Yesterday I spent the day at a fiddle workshop taught by Alan Jabbour. The workshop was held in a friendly fiddler’s home in NW DC, and it was a great day of music.
Alan is a great southern fiddler who has learned directly from older musicians, who in turn learned from the generation preceding them. He has a long career of studying the style of Appalachian fiddle music. He also has a broad knowledge of the history behind the music as well as its more general cultural context. His stories and introductions to tunes are fascinating, so get to his performances if you get the chance.
Alan taught twelve of us fiddlers sitting in a big circle. He teaches by ear and demonstration, and he rarely even names notes. It is great playing with a group of experienced fiddlers in a learning setting like this, because everyone can keep up. The whole group can get the basics of a tune in twenty to thirty minutes. Alan taught us nine tunes in about six hours, which is a mind-scrambling but exhilirating pace.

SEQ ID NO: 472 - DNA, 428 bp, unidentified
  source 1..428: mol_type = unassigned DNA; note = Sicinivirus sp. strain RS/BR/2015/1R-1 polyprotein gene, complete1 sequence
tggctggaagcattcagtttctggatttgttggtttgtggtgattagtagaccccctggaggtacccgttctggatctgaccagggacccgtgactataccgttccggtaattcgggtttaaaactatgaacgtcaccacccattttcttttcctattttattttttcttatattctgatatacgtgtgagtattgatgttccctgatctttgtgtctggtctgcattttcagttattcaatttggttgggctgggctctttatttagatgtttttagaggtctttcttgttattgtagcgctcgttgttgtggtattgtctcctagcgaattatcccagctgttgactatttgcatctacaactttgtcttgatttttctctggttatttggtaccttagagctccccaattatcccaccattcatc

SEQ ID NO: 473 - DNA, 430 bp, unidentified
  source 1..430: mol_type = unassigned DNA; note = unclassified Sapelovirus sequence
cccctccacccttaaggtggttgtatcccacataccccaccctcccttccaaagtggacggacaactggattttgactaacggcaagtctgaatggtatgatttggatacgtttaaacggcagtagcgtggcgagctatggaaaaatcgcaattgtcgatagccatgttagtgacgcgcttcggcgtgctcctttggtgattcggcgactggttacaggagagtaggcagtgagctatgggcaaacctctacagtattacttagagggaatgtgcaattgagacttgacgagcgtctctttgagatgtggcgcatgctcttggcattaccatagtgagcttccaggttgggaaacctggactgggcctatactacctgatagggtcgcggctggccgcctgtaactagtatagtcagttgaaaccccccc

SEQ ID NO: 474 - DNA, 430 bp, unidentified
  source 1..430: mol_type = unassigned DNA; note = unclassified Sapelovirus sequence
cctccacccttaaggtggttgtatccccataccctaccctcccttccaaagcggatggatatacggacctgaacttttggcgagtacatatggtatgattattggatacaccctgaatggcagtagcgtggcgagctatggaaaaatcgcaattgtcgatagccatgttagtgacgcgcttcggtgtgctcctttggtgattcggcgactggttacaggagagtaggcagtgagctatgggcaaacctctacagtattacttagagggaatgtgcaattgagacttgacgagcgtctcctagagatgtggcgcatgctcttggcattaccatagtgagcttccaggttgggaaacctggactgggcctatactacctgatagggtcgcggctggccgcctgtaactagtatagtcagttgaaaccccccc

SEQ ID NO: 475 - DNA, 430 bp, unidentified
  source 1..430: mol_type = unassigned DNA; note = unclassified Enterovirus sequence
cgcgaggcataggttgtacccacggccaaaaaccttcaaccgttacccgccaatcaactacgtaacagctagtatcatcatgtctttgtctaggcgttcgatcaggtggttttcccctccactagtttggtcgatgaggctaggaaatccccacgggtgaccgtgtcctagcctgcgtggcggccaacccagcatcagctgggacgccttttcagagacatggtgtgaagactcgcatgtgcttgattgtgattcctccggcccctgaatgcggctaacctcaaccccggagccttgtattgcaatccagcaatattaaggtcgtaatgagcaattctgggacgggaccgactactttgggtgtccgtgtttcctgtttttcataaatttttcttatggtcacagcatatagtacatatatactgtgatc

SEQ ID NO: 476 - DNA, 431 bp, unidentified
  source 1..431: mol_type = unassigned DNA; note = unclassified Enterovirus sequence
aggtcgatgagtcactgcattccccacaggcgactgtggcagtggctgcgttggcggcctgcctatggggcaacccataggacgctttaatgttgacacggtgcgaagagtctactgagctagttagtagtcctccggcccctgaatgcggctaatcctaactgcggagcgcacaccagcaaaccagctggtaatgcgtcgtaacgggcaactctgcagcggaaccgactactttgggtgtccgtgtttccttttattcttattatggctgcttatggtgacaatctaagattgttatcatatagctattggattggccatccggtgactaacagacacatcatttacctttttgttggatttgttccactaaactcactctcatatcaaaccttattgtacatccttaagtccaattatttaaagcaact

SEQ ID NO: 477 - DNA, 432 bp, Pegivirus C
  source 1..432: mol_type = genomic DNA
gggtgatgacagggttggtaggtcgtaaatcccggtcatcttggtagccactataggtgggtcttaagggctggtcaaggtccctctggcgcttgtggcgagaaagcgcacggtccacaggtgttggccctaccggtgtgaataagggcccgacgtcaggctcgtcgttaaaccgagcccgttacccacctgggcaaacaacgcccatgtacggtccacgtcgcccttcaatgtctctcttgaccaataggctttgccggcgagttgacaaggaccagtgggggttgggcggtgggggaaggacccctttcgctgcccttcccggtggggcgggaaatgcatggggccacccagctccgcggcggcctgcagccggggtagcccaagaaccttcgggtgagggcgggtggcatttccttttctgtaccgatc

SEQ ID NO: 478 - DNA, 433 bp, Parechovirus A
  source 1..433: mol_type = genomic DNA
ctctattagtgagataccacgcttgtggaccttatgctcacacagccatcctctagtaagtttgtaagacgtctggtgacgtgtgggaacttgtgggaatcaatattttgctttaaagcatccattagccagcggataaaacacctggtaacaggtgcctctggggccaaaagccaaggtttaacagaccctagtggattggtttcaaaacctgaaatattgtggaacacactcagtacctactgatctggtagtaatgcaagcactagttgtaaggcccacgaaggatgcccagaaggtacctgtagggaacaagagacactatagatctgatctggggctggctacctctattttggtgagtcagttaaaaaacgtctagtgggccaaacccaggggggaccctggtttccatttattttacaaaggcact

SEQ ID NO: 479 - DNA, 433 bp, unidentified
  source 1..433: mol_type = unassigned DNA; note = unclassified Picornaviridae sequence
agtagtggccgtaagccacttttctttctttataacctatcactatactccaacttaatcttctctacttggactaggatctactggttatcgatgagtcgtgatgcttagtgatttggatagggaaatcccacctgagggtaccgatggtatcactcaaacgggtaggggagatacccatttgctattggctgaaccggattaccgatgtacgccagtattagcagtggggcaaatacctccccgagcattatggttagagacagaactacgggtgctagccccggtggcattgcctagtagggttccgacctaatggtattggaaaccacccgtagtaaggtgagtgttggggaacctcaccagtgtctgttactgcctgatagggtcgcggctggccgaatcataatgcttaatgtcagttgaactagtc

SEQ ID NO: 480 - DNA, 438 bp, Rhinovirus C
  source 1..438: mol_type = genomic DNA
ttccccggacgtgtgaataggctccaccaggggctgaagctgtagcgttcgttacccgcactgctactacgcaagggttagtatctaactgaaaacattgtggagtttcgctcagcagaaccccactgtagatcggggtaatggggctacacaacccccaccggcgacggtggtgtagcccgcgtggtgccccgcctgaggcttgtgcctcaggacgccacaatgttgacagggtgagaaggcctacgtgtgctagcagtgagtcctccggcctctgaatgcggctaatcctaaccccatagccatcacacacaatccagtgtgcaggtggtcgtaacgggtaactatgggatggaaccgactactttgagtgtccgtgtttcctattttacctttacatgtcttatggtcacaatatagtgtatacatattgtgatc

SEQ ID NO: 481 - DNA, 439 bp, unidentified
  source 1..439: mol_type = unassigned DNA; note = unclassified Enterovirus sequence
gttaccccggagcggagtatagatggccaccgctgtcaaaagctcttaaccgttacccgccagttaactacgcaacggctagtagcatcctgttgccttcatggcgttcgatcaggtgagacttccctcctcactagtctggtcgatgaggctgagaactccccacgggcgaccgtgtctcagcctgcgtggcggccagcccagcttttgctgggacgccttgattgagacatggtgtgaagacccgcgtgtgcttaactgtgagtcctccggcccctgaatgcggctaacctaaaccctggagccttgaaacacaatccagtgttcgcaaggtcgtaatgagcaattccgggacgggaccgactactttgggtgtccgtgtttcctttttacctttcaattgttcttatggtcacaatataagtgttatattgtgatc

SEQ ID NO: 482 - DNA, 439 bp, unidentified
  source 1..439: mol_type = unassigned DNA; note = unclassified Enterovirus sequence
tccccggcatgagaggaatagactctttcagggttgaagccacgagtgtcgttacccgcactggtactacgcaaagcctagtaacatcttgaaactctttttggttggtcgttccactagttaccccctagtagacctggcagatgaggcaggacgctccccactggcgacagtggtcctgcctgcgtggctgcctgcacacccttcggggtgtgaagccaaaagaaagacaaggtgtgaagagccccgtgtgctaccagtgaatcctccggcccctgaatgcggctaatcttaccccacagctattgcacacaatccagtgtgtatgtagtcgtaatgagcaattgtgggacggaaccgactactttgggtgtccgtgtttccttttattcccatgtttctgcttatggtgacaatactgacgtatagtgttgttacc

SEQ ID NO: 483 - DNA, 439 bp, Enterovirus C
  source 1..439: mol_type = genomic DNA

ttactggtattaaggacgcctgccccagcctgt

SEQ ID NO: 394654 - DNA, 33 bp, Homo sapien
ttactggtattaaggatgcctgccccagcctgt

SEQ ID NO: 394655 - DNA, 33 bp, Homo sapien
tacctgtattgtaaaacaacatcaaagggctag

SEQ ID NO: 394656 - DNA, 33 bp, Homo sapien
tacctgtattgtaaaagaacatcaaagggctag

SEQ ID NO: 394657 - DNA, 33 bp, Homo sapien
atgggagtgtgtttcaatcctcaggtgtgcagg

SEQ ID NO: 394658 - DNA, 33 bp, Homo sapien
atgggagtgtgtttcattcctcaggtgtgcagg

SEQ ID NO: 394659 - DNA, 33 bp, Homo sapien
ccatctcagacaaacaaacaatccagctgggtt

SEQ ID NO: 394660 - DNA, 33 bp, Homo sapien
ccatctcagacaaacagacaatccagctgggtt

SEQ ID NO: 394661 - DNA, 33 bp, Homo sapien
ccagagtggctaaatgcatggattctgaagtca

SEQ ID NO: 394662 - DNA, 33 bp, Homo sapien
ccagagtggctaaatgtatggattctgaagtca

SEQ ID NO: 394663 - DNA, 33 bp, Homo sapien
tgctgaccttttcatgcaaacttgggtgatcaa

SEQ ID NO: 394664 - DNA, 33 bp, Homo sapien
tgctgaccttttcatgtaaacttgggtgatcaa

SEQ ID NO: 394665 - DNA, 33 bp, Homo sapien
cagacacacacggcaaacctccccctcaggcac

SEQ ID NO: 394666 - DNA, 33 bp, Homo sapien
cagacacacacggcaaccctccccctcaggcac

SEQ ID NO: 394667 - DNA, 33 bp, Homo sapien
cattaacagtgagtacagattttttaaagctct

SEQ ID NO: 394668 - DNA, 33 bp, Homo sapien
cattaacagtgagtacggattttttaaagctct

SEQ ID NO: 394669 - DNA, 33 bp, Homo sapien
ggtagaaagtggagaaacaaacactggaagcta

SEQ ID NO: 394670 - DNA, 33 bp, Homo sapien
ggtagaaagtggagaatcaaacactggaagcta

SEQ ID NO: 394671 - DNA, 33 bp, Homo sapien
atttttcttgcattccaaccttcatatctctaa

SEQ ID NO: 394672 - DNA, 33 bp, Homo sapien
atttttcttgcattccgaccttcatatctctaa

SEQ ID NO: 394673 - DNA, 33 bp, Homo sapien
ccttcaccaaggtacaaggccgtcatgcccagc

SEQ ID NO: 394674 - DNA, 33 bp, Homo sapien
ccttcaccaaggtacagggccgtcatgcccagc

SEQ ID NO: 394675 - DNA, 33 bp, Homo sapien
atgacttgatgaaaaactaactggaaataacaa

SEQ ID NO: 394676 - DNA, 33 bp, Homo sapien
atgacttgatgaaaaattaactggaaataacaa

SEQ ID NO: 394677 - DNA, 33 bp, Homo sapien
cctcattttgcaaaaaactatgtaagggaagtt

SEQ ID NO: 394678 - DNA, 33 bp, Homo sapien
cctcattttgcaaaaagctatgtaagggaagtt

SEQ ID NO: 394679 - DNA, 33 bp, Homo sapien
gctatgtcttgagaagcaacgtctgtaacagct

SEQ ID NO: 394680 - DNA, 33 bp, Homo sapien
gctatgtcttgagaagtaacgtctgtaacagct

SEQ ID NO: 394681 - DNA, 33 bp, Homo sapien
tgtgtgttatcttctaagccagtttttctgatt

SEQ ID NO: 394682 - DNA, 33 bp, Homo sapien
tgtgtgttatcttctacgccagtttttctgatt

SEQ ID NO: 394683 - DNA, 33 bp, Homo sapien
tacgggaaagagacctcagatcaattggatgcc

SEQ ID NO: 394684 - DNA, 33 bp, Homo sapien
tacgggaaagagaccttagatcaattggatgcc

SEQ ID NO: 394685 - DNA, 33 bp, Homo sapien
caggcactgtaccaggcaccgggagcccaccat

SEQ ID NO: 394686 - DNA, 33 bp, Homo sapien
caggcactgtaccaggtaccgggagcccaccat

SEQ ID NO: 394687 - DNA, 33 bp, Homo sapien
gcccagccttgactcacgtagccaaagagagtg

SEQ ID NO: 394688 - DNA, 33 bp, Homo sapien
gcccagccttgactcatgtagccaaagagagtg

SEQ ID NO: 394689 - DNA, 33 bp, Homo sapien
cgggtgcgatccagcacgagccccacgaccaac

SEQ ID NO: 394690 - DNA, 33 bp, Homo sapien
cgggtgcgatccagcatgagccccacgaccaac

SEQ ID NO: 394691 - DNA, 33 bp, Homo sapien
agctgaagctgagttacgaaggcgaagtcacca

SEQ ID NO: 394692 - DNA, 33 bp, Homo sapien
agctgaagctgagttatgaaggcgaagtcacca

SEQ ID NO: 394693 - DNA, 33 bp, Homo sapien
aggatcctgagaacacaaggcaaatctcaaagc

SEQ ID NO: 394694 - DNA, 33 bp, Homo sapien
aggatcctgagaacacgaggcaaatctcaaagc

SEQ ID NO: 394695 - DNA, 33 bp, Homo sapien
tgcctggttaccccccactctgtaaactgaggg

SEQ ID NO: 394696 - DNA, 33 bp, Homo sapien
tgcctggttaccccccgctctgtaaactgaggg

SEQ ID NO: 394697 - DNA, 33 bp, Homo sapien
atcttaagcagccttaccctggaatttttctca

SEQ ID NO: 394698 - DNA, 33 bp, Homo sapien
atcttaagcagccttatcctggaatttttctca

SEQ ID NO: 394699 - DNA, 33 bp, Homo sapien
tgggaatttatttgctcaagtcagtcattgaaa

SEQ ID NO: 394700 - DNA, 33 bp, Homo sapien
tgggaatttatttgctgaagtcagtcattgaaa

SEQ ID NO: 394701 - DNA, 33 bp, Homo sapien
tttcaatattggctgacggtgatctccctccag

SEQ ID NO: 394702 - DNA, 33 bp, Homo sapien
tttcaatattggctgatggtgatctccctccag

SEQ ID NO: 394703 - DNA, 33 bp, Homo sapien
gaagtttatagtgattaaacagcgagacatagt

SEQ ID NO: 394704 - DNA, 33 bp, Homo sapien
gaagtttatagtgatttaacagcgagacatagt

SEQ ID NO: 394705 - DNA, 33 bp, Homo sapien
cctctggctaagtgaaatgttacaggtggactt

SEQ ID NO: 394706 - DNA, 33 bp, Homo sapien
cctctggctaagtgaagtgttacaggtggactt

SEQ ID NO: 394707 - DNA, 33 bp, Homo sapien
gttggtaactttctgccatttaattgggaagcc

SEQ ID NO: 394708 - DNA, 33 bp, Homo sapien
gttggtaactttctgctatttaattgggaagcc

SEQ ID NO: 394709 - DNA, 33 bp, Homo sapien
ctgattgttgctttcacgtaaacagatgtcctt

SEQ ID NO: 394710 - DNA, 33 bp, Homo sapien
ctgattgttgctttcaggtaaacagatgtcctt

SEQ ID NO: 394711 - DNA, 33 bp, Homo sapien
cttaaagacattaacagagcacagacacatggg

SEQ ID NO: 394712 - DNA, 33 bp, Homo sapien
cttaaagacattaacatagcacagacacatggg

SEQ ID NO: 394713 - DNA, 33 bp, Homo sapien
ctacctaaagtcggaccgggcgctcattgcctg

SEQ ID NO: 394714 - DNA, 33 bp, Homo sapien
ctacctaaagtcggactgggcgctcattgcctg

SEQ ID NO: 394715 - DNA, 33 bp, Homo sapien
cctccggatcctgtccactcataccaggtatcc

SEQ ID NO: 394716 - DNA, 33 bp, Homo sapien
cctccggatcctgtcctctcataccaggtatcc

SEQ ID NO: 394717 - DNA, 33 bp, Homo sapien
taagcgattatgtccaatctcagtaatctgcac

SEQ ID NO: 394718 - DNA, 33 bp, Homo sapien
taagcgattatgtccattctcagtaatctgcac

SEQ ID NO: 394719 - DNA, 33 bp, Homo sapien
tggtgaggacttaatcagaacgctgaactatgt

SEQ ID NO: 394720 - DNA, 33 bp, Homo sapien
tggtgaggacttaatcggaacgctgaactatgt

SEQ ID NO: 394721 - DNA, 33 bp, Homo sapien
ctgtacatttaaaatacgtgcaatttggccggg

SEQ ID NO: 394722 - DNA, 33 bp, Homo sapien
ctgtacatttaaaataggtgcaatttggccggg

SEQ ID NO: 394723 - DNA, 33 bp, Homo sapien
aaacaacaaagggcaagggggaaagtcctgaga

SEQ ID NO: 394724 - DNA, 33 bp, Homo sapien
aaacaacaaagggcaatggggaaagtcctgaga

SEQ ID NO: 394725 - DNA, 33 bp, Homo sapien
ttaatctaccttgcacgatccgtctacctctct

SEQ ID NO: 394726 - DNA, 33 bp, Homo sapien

Alan’s fiddle style is pleasant and sweet, and then it can turn sassy and rowdy. He gives the music its full due by serching for tasteful embellishments, syncopations, and variations. The music doesn’t fall into monotonous formulas, which is the sign of an immature or dogmatic old-time musician. Instead, an artistic fiddler like Alan seeks for something to catch the listener’s ear or to lift the dancer’s foot.
Yesterday I also purchased a copy of Alan’s new book of fiddle tune transcriptions. The book has a tune on the left page with style and technical notes on the facing page. The tunes are transcribed with variations, syncopations, bow markings, anticipations, drones, and all the rest. It is a study in Appalachian style, not just a book to add tunes to your repertoire. I can’t wait to dig into this book, just to get more of this sweet sound into my playing.
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